When the editor of my local newspaper asked me to write a weekly bike blog for their online edition, I was interested but concerned. The Mountain View Voice has a reputation for attracting nasty comments about cyclists, even on stories where bikes aren’t involved. Like a story about man in a wheelchair who was struck by a car in a hit and run. The victim was using the bike lane so I guess that made it fair game for anti-bike rants.
But I knew that writing about fun things to do on a bike might get more people off the couch and into the saddle, so I forged ahead into the unknown. After five weeks, I had only positive comments for stories on topics like how to get an old bike rolling again, the best ice cream shops to bike to, and how to find secret bike-only passages. So I was genuinely surprised which story brought out the bike haters: “The Rolling Romance of a Bike Date”.
Here’s what I wrote. What do you think set the bike haters off?
A few years ago my husband Dick and I were in a dining rut. Unlike when we were dating, we just didn’t go out anymore. We decided that we needed a standing weekly date night, one set in stone on our calendars. Otherwise, it would be too easy to say we were too tired, or to fritter away time at home and then decide to eat in rather than face the crowds and a long wait for a table.
Dick’s day off from work was Friday, so that was an easy decision. I wanted the romance of him picking me up like a real date, so Dick offered to come by my workplace and get me. The twist: since I rode my bike to work, he would ride his bike too.
At the time I was working in Palo Alto, where a seemingly limitless choice of restaurants were a short ride from my office near the Baylands. That first Friday, I waited for him in front of my office building with all the excitement of any first date. When he rolled up I was tickled to see he was wearing a nice sweater and his going-out shoes. He had swapped the clip-in pedals on his bike for flat pedals just for our date.
We rode across the bike bridge over Hwy 101, rolled down to University Avenue for a relaxed and tasty Italian dinner, and then cruised home by the light of a full moon. With rush hour long over, the neighborhood streets were quiet and peaceful so we continued our dinner chat the whole way home. It was a very romantic night.
That’s why nearly three years later, we’re still at what we now call Bike Date Friday. The rules are simple: we eat at a different restaurant every week and we arrive by bike. In the winter we grab heavy coats and bright lights. If it’s drizzling, we grab our raincoats. And if it’s raining hard, we grab a big umbrella and walk the mile to Castro Street.
Now that I work near the airport in San Jose and commute on Caltrain with my bike, our options have expanded. Sometimes we meet at the Diridon Caltrain station and eat in downtown San Jose. Sometimes we meet at the Mountain View Caltrain station and ride across town or to Palo Alto, Los Altos or Sunnyvale. And sometimes we meet on a northbound train for dining in San Carlos, San Mateo and beyond.
In three years, we have yet to exhaust all our dining options. Some restaurants have been better than others and some routes were more fun than others. But one thing’s for sure: our dining rut is now a romantic roll.
The rest of the story gave some tips on where to go for an easy first date, how to pick a route, and a reminder to bring bike lights, including the laws related to riding after dark. Nothing controversial in my book.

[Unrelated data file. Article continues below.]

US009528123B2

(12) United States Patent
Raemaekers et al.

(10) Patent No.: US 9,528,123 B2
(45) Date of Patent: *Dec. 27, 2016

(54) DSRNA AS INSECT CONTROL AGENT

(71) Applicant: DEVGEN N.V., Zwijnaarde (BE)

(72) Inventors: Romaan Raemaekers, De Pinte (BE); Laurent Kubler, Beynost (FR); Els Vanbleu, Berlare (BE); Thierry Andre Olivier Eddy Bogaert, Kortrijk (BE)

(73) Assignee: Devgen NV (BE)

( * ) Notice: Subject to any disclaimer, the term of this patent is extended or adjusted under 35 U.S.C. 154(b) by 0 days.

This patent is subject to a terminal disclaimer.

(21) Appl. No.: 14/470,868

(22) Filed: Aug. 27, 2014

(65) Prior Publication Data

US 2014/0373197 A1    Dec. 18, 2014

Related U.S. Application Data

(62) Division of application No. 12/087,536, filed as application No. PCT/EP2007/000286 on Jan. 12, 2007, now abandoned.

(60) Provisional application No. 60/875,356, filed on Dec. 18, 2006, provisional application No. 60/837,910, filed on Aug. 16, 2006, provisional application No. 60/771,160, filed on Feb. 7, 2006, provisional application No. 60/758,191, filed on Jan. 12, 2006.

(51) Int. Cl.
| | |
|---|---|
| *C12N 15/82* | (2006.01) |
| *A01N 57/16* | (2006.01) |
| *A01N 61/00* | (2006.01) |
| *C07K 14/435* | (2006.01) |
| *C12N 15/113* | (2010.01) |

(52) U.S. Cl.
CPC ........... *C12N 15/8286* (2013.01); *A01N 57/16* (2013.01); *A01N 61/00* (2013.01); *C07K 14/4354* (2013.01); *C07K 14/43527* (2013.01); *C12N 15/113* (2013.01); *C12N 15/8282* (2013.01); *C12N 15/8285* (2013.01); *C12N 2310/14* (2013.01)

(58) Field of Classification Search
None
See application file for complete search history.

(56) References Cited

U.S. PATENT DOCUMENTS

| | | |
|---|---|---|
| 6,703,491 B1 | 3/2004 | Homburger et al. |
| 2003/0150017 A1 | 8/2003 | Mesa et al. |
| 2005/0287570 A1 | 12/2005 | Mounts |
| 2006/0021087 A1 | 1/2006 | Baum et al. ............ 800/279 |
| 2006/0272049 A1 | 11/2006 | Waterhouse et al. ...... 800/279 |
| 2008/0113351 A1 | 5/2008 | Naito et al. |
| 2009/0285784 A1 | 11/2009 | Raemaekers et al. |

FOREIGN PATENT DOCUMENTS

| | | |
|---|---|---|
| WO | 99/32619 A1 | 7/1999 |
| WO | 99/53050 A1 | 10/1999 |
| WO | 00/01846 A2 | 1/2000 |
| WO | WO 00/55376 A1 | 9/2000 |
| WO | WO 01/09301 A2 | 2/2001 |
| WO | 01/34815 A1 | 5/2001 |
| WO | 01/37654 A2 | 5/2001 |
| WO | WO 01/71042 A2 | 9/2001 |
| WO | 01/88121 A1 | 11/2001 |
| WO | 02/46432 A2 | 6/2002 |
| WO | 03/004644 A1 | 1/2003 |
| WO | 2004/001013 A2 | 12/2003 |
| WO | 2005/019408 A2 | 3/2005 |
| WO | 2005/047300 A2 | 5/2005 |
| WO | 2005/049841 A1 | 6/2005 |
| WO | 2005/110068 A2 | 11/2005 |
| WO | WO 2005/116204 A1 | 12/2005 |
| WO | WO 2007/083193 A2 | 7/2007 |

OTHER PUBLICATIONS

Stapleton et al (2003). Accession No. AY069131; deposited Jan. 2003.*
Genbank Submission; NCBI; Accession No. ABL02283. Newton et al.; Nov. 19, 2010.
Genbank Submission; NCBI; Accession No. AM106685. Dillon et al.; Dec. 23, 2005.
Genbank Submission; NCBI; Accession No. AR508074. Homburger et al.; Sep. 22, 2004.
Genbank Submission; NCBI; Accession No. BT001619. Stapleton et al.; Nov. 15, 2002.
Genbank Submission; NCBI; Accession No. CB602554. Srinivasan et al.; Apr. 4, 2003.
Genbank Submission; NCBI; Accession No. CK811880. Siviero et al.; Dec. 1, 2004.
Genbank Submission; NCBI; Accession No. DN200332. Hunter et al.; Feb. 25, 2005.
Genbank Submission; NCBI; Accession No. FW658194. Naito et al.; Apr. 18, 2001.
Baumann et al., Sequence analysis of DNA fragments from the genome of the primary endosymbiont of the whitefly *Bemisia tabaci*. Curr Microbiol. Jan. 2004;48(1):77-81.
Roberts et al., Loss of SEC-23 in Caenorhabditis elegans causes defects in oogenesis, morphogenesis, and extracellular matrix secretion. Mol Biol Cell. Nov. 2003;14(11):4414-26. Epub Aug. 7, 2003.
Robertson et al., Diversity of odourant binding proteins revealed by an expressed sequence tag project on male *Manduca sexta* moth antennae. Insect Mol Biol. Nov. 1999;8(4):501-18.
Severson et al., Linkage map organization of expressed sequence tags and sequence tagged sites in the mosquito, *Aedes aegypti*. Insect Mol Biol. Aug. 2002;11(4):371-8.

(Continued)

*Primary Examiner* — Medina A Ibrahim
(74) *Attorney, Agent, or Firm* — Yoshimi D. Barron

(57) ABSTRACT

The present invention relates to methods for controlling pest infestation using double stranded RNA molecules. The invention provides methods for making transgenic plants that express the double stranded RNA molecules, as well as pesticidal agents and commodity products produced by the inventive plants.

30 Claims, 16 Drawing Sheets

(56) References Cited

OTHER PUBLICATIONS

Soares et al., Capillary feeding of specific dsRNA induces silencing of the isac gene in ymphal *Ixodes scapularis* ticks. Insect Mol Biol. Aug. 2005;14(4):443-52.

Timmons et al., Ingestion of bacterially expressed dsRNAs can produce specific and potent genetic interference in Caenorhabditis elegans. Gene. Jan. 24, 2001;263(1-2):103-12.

The initial comments were not kind. The first was simply: “Or you could just drive.” The second was more harsh.
I just wasted 2 minutes of my life reading this, and probably 2 more responding. Who cares? You have a job you say? And still find time to write this article? When you worked in Palo Alto you said you crossed over 101, did you work in east palo? Or just dine there? Cause I’m sure the latter would make for a better article.
Whoa! Where did that come from? Riding bikes out to dinner is so far-fetched that I must be lying about even having a job? (For the non-locals: East Palo Alto is lower income with higher crime rate than Palo Alto) I responded in a non-challenging way and encouraged a few friends to comment with something positive. I didn’t want readers to only see rude reactions from grumpy people.
When I reflect on these reactions, my take is that I indirectly exposed how far and wide a bike can take you. In three years, we’ve gone out to different places every week through all sorts of weather, after dark, and in dress clothing without a car. I think it make people defensive because it takes away excuses why bicycling can’t possibly work. It’s one thing to talk about recreational rides to ice cream shops or to see a historic farm, but riding to dinner in the rain at night in a dress? That’s radical behavior.
It really doesn’t matter what the haters and naysayers think, we’re finding plenty of people out on bike dates, especially in the warm months. I was only a little surprised to see families with young kids out in downtown San Jose last Friday night. Considering downtown San Jose didn’t have much bike action or action in general a decade ago, that’s pretty darn impressive. And the kids were pretty darn happy too.
What radical bike behaviors have you been doing? How are you challenging the status quo?
About Bike Date Friday: Since September 2010, my husband and I have had a standing date every Friday night. We eat at a different place every week and arrive by bike. There’s no better way to end the work week.